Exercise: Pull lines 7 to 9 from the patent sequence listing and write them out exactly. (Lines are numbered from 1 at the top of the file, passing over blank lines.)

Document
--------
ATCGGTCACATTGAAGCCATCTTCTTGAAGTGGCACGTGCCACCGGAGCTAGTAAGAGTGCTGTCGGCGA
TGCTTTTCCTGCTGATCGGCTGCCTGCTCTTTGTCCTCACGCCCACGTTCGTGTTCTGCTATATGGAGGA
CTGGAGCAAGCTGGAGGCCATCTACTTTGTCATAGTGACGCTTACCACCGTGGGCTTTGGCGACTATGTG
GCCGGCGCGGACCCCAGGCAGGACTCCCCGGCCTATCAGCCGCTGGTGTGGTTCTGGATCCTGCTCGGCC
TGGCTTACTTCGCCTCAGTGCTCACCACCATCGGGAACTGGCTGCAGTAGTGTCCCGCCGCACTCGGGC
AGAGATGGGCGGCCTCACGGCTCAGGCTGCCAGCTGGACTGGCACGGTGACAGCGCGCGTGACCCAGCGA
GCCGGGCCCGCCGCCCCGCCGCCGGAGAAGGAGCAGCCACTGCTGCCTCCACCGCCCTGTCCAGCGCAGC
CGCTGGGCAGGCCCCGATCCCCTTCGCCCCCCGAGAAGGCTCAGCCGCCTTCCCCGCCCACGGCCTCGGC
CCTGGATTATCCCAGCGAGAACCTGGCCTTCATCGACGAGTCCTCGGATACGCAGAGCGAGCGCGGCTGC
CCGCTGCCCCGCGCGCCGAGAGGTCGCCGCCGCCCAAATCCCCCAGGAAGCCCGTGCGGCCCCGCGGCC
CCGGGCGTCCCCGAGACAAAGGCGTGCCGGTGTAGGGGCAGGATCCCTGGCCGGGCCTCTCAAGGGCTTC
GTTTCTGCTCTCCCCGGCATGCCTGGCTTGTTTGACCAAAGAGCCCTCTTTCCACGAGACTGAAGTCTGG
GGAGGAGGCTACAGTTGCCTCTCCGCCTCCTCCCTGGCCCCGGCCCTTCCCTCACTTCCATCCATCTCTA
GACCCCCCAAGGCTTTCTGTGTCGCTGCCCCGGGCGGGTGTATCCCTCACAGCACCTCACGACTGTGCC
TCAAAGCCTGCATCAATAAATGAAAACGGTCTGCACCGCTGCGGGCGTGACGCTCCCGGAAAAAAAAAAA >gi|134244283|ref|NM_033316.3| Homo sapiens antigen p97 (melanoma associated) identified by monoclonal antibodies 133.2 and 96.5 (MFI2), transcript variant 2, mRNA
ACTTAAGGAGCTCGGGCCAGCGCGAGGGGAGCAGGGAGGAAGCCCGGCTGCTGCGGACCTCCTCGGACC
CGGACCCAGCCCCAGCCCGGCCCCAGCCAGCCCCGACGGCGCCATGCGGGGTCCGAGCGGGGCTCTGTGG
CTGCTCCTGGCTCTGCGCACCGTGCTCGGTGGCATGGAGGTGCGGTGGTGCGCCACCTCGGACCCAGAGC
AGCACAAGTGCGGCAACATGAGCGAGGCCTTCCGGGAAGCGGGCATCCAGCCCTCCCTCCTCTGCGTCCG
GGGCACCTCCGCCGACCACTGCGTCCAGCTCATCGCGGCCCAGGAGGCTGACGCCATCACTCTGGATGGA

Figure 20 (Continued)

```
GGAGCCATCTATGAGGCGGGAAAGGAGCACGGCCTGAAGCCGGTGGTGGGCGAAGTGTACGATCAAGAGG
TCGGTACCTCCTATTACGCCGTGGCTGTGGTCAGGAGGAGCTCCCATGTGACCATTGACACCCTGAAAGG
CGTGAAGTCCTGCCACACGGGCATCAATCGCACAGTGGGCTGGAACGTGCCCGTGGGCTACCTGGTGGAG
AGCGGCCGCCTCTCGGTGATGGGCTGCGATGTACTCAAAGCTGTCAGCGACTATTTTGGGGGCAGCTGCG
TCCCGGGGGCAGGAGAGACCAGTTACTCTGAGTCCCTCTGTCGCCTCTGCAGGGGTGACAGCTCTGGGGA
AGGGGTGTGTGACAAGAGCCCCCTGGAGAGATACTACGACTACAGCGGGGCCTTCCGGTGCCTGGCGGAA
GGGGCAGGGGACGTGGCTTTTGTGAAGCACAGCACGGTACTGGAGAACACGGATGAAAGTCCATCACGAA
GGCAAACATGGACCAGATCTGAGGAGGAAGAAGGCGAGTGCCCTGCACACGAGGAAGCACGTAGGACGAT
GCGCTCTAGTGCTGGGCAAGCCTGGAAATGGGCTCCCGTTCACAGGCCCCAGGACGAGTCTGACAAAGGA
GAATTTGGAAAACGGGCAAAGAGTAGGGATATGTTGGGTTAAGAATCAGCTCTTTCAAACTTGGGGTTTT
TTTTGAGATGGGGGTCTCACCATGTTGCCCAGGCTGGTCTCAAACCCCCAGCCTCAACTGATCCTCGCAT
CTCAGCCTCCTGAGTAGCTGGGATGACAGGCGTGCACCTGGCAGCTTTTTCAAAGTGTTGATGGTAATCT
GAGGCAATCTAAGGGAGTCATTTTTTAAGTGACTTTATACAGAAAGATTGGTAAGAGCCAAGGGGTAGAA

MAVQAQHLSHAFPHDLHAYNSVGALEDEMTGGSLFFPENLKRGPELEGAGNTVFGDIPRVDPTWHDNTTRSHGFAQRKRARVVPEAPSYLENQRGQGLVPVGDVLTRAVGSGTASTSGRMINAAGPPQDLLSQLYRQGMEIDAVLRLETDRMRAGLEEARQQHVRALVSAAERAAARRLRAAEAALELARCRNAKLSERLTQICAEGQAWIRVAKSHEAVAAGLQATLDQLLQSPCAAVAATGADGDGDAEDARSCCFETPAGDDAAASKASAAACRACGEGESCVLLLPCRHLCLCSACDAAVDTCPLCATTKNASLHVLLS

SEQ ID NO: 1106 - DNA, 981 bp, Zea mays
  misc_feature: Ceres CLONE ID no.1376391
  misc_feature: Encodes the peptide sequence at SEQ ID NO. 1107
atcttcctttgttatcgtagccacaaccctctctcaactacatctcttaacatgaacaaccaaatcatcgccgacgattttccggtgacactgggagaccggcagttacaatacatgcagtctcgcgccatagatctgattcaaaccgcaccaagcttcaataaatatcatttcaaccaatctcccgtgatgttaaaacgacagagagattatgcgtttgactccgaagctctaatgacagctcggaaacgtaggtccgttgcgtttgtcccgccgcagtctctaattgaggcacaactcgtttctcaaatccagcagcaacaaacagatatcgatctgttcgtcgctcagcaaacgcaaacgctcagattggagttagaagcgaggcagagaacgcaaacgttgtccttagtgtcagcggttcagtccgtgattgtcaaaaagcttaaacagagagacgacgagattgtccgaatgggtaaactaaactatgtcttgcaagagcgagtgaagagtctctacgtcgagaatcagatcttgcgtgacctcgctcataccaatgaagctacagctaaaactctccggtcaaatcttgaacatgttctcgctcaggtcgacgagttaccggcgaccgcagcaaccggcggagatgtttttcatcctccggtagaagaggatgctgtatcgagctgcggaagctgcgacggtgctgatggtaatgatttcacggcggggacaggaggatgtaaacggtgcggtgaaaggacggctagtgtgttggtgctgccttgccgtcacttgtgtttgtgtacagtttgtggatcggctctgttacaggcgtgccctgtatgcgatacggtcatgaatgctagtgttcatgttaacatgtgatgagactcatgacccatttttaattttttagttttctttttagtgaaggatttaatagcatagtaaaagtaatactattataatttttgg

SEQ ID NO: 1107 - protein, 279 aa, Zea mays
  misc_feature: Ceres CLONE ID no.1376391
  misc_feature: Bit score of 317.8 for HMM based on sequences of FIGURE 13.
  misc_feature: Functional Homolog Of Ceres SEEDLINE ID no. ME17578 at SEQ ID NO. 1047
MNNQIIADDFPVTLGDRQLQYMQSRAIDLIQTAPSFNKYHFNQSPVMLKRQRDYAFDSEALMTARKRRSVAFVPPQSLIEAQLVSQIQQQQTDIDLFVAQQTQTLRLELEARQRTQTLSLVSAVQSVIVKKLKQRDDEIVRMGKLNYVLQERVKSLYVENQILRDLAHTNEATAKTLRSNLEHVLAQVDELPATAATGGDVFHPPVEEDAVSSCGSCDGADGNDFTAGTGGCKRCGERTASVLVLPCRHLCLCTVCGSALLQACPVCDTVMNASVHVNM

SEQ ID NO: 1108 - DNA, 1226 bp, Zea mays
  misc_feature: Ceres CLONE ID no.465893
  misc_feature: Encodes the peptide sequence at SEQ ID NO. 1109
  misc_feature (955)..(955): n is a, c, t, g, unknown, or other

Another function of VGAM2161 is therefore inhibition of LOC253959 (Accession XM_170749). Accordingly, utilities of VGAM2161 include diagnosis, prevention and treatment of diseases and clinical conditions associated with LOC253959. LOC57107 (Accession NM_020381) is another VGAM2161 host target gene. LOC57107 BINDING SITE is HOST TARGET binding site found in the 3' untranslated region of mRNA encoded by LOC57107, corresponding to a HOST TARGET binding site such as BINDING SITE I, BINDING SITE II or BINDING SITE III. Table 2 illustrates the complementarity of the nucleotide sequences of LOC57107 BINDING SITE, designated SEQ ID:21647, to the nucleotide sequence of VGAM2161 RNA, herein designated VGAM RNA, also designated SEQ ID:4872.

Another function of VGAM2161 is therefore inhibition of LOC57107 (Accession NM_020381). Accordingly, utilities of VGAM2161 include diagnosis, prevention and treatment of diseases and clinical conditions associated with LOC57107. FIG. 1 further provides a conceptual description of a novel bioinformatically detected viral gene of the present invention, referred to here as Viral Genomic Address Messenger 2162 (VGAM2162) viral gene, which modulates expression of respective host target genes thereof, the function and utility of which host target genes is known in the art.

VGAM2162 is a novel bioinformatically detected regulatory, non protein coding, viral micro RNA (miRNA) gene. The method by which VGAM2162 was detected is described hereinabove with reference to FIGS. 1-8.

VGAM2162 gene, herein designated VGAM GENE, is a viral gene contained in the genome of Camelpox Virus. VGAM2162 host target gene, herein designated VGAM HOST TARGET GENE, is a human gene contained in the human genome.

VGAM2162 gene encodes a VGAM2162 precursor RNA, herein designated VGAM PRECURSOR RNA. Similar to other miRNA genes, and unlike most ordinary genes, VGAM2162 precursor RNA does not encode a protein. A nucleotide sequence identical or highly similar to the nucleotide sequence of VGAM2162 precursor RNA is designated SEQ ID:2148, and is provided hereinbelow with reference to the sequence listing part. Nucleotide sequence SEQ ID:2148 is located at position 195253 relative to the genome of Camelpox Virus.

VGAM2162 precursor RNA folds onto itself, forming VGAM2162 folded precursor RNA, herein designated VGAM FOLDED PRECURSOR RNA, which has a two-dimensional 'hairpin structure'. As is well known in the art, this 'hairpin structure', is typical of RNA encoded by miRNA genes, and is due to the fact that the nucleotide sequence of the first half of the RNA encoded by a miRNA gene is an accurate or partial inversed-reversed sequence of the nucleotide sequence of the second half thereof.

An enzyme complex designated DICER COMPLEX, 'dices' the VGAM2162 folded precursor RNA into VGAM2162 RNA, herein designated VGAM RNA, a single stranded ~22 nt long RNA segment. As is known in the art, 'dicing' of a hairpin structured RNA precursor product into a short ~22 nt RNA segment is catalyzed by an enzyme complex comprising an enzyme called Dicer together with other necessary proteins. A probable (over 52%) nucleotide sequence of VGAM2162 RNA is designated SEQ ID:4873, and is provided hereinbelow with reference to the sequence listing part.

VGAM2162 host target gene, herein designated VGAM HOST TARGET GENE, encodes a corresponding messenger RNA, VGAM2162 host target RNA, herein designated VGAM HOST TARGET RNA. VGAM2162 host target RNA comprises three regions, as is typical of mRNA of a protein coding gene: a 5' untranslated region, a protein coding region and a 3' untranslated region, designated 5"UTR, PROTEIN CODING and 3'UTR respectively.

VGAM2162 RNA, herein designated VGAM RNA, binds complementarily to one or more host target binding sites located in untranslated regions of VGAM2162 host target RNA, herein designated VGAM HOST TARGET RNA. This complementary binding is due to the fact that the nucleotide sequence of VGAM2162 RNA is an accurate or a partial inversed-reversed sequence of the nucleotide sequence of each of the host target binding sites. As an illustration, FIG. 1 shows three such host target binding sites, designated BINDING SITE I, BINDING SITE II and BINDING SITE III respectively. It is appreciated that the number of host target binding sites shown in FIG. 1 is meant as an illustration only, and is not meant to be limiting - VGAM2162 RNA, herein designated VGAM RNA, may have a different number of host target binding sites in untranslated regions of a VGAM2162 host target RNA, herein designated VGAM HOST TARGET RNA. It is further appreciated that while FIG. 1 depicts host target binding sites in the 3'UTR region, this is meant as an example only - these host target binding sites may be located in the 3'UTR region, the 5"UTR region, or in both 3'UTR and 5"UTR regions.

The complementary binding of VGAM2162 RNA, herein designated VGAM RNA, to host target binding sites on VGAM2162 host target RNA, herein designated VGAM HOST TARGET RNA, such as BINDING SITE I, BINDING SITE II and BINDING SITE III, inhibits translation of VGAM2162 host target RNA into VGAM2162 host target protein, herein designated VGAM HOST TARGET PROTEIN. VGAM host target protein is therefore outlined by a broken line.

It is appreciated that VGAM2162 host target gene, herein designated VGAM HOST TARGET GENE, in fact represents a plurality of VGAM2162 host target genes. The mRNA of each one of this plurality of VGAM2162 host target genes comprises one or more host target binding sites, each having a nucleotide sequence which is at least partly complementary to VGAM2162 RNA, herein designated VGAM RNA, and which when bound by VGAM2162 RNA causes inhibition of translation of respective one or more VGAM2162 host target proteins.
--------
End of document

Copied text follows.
GCCGGGCCCGCCGCCCCGCCGCCGGAGAAGGAGCAGCCACTGCTGCCTCCACCGCCCTGTCCAGCGCAGC
CGCTGGGCAGGCCCCGATCCCCTTCGCCCCCCGAGAAGGCTCAGCCGCCTTCCCCGCCCACGGCCTCGGC
CCTGGATTATCCCAGCGAGAACCTGGCCTTCATCGACGAGTCCTCGGATACGCAGAGCGAGCGCGGCTGC